The employment modules introduce them to careers they might be interested in and give an understanding of the job application process.

Modules 8 – 11: Smart Spending, Budgets, Banking and Payments

Your child learns how to make good buying decisions, how to prepare basic budgets, about bank accounts and the different ways of making payments so that they feel confident managing their money.

Modules 12 – 18: Borrowing, Loans and Repayments, Rent or Buy, Mortgages, Buying property

Your child is introduced to the concepts of debt, loans, and repayments so they don’t feel afraid of these when they are exposed to them in the future.

The thought of buying a property is intimidating for most people so the property modules normalize the process by walking your child through the basics of property purchase and explore the cost differences between renting and buying.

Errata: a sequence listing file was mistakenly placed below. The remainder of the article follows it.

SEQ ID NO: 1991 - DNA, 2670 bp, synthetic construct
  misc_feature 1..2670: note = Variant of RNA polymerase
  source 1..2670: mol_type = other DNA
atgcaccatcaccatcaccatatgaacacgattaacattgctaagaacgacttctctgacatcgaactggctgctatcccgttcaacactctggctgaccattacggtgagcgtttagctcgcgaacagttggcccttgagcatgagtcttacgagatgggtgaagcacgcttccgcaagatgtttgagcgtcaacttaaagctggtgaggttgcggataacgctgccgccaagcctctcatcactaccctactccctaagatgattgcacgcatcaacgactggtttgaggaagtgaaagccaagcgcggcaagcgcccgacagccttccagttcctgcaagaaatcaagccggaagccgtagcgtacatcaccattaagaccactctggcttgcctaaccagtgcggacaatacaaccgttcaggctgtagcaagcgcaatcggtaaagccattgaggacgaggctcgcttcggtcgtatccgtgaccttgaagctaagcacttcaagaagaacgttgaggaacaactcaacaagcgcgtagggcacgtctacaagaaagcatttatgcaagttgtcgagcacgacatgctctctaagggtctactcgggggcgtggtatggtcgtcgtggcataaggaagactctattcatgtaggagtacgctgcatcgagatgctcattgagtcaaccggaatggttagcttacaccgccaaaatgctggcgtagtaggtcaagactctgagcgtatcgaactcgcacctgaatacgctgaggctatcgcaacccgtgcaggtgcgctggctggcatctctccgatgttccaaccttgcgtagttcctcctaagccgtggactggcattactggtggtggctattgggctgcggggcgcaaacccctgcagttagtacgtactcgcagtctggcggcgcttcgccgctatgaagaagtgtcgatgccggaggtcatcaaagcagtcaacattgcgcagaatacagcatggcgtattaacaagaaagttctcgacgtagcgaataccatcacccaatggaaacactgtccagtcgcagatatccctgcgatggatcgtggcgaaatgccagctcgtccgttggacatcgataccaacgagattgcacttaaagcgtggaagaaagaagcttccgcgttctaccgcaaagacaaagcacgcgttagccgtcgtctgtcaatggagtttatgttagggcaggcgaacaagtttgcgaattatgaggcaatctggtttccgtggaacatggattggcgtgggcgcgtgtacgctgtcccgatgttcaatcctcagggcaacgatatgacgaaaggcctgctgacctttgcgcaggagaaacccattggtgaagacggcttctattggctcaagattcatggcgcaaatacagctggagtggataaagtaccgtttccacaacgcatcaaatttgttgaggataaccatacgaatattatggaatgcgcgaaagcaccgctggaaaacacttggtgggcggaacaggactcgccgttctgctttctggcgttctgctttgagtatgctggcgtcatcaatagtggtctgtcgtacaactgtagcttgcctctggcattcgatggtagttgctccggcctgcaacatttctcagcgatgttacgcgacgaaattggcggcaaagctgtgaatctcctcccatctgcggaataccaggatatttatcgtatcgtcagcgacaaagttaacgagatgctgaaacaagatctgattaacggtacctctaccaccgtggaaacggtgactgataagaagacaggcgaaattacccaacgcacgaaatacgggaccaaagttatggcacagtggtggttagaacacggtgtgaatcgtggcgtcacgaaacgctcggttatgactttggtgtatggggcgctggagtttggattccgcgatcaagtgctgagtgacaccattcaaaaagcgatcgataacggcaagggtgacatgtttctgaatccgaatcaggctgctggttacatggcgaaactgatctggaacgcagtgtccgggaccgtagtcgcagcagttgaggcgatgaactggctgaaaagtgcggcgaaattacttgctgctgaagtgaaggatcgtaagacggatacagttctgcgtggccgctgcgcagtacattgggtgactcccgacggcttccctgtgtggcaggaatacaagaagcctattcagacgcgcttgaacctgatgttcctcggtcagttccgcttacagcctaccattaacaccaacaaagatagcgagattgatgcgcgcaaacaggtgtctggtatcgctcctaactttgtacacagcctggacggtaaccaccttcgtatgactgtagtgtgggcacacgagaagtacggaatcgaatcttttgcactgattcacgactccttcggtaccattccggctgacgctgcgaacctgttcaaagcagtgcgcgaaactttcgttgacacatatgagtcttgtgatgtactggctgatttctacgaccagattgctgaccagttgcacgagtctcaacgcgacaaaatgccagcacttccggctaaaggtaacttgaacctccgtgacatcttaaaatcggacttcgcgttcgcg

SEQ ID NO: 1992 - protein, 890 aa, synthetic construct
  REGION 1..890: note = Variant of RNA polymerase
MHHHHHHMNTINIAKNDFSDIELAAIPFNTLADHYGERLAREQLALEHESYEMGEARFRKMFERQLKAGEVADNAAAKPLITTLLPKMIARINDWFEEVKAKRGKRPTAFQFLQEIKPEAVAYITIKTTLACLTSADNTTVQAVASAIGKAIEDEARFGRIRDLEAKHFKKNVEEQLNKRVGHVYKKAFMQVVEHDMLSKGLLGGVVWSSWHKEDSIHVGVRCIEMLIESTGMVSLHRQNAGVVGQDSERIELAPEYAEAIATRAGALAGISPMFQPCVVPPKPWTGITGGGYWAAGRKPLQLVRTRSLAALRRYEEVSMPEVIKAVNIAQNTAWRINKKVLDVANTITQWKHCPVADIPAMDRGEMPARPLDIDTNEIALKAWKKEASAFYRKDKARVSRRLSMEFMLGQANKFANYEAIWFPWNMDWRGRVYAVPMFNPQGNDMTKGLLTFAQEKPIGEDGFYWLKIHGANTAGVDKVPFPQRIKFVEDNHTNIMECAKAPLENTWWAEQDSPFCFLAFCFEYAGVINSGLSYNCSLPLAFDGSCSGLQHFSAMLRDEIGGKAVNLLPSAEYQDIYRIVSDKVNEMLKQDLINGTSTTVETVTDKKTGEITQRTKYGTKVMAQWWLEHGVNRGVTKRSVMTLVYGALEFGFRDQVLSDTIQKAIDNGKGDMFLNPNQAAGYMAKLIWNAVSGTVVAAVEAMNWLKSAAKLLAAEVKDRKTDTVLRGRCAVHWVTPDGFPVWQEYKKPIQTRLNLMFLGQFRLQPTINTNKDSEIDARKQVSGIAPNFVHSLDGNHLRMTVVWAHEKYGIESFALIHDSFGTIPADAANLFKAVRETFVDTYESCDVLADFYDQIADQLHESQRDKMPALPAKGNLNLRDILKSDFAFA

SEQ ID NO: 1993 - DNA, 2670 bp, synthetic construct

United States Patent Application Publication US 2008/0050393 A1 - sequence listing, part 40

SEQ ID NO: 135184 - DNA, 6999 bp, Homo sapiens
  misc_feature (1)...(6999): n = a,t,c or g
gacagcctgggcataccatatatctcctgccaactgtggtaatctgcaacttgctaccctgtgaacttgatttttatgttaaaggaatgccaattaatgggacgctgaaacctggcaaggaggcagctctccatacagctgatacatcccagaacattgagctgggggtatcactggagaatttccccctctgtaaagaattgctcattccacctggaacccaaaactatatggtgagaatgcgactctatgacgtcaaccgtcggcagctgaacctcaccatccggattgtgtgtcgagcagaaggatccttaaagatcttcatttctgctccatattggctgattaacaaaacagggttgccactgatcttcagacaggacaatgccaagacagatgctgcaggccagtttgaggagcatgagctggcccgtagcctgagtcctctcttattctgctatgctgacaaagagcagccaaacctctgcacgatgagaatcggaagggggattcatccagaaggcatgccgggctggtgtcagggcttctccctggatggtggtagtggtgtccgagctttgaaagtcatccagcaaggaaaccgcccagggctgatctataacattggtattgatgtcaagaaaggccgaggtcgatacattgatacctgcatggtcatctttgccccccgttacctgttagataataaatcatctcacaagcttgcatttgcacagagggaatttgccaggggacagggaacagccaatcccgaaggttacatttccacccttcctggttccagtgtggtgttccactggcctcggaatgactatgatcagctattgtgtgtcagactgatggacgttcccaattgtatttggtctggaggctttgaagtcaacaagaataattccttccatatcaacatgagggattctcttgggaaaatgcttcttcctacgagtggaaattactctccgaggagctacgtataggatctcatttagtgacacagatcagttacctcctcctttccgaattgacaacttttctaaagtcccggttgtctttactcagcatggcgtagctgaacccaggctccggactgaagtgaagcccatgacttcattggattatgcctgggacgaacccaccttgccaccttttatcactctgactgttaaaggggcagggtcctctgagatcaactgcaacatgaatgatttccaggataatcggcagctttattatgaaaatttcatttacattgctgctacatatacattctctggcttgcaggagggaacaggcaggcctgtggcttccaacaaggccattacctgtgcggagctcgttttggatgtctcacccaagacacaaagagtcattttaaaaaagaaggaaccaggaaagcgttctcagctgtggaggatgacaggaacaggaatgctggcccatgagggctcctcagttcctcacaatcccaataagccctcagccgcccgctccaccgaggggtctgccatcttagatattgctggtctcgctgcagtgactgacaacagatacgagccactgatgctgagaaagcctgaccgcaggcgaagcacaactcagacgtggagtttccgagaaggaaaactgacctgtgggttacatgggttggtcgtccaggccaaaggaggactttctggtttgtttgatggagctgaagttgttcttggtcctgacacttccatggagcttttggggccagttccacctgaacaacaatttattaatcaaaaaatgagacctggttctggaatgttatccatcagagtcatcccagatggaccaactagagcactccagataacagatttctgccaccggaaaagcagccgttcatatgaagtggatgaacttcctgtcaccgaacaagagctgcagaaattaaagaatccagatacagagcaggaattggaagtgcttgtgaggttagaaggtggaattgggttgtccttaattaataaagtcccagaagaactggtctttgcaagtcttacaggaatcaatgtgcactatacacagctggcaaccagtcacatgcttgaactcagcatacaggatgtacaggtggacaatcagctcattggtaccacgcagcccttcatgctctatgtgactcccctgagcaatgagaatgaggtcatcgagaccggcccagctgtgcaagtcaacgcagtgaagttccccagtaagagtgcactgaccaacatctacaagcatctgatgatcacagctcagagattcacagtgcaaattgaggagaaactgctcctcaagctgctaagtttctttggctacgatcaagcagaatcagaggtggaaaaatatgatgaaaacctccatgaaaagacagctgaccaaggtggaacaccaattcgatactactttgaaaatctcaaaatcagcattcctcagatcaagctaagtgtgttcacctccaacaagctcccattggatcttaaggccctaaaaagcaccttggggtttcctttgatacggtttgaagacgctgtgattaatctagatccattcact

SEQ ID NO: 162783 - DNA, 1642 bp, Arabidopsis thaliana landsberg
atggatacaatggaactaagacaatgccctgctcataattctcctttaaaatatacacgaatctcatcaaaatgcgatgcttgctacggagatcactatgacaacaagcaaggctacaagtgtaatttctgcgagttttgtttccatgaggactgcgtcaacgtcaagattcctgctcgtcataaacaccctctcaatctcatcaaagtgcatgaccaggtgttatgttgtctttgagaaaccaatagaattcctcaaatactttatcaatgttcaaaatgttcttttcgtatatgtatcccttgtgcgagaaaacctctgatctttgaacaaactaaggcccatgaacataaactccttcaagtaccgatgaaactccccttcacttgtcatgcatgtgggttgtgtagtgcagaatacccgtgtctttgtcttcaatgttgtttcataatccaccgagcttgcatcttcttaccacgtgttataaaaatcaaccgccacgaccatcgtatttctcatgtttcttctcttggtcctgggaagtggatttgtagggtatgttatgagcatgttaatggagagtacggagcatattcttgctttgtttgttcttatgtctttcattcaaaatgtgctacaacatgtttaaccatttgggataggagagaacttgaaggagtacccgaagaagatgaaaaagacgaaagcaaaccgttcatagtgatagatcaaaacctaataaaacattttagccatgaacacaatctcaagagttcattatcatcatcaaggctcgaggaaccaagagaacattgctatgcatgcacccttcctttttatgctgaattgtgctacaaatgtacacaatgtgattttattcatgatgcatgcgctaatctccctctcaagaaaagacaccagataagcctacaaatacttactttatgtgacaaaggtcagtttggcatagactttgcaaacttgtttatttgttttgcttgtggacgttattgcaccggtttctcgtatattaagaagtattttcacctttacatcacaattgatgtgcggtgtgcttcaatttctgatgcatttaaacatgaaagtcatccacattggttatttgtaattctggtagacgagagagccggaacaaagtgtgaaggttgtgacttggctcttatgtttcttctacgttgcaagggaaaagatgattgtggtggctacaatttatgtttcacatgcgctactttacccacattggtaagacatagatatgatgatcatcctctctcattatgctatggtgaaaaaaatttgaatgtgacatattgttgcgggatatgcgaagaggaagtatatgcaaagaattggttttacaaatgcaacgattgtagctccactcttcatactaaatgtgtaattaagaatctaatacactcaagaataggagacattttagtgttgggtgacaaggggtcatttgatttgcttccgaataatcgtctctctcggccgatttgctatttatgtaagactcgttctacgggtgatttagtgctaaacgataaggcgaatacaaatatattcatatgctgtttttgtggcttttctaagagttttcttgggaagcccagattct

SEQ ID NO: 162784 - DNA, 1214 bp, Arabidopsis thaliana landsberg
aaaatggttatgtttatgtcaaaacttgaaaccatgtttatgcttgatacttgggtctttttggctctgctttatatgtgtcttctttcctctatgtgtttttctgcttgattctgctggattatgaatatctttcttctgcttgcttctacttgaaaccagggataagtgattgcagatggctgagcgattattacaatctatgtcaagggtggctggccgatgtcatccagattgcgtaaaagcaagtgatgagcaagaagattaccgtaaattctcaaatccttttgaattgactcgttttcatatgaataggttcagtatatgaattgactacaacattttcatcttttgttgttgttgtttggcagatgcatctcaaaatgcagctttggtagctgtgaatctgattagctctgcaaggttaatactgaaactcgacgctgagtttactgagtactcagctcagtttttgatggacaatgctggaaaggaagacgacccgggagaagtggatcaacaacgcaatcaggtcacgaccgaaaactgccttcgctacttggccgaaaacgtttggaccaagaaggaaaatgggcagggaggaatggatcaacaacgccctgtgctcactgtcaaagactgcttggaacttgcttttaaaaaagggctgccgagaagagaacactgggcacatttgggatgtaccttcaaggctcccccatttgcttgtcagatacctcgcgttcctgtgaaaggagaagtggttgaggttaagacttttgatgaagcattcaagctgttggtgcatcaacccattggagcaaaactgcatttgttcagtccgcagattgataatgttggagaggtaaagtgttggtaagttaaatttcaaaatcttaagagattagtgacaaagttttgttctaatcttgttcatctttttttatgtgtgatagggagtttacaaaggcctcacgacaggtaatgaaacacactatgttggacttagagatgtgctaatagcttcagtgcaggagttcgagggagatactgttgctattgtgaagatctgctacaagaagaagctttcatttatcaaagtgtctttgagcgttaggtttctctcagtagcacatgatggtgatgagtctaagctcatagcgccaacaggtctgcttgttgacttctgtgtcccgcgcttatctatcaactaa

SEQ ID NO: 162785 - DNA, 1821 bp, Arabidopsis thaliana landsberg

Modules 19 -26: Certificates of Deposits, Property Investment, Stocks, Collectibles, Business Basics, Marketing, Promotion, Profit and Loss

You can make money with money! Your child is introduced to different types of investments and the basics of business so that they begin to understand how they can use them to increase their wealth.

They learn how businesses work, how businesses make money and the different kinds of jobs businesses offer.

Modules 27 -30: Warranties and Cash, Insurance, Online Security and Net Wealth

Your child will be introduced to their consumer rights, how to protect personal wealth against financial crisis, cybersecurity, and investing to grow their wealth for the future.

More importantly, MoneyTime engages the kids by actively involving them.

Each of my kids started off by creating an account and logging in.